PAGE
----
Meet Patrick Ferguson - the man charged with turning around troubled Hope Academy.
The vastly experienced headteacher admits the Newton-le-Willows school has gone through “a tricky period” but reckons it is already on the fast-track to success.
Mr Ferguson, also the executive principal at De La Salle Academy and Our Lady and St Swithin’s in Liverpool, was brought in following consecutive unflattering Ofsted reports but thinks the school would be rated “good” if watchdogs visited now.
He said: “People have worked very hard since the second inspection hit the desk to deal with any shortcomings. I think it’s turned the school around very quickly.
“If the inspectors came in today I think they would grade us at least ‘good’. They may not jump to that grade straight away because they work in a particular way but in my opinion behaviour, attendance, leadership and curriculum organisation are all working very well indeed.
“It’s a great place to work and a great place to come as a student - I feel privileged to be here.”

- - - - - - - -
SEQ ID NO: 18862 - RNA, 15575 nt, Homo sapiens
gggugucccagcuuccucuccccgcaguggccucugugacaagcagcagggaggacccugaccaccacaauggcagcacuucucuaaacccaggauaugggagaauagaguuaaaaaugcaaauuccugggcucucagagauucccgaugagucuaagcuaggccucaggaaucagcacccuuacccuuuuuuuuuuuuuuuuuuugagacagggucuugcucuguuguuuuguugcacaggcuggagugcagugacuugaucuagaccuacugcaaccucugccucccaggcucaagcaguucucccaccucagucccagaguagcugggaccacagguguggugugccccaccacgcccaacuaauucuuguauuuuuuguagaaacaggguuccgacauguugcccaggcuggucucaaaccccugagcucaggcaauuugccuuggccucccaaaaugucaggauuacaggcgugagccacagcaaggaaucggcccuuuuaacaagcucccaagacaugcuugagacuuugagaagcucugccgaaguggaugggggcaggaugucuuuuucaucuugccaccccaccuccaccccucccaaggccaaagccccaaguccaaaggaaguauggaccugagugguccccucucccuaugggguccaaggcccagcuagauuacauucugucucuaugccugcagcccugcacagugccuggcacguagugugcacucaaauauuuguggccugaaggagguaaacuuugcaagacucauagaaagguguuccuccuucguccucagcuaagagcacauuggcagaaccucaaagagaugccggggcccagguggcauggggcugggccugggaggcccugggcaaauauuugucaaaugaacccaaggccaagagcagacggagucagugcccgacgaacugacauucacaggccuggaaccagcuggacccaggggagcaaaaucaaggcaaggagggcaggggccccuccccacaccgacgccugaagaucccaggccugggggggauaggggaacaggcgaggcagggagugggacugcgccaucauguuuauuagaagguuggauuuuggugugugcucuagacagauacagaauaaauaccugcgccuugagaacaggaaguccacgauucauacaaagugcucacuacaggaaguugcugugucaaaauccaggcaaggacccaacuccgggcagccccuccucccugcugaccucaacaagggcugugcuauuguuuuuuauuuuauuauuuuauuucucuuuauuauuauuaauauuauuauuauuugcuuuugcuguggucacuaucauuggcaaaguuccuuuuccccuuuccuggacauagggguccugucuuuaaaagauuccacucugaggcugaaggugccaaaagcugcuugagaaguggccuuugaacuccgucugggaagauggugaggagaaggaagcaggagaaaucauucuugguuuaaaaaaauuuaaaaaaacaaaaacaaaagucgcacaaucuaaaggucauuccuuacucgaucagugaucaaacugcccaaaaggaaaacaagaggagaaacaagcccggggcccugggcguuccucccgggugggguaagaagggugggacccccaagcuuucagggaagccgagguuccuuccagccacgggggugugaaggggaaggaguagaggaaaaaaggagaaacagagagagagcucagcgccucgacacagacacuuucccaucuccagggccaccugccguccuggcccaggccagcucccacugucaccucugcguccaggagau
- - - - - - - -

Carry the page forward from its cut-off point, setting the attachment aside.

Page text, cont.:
Mr Ferguson explained that he would employ an “appropriate level of scrutiny” to ensure that teachers and pupils were keeping up to speed, and that holding staff to account was key to the school’s improvement.
He also vowed that results would improve this year.
“My brief, very clearly, is to make this school ‘outstanding’,” he said.
“In 12 months inspectors will see a transformed academy - there’s no doubt about that. A lot of changes have already been made too so it’s not as if we are going from a standing start.
“I now expect the number of students choosing Hope Academy to rise, the number of students staying on in the sixth form to rise and the number of students involved in extra-curriculur activities to rise.”
Mr Ferguson added: “There is an enormous reservoir of parental support, but they don’t want second best. If we can create an environment where standards are as high as they can be, we will reach our goal.”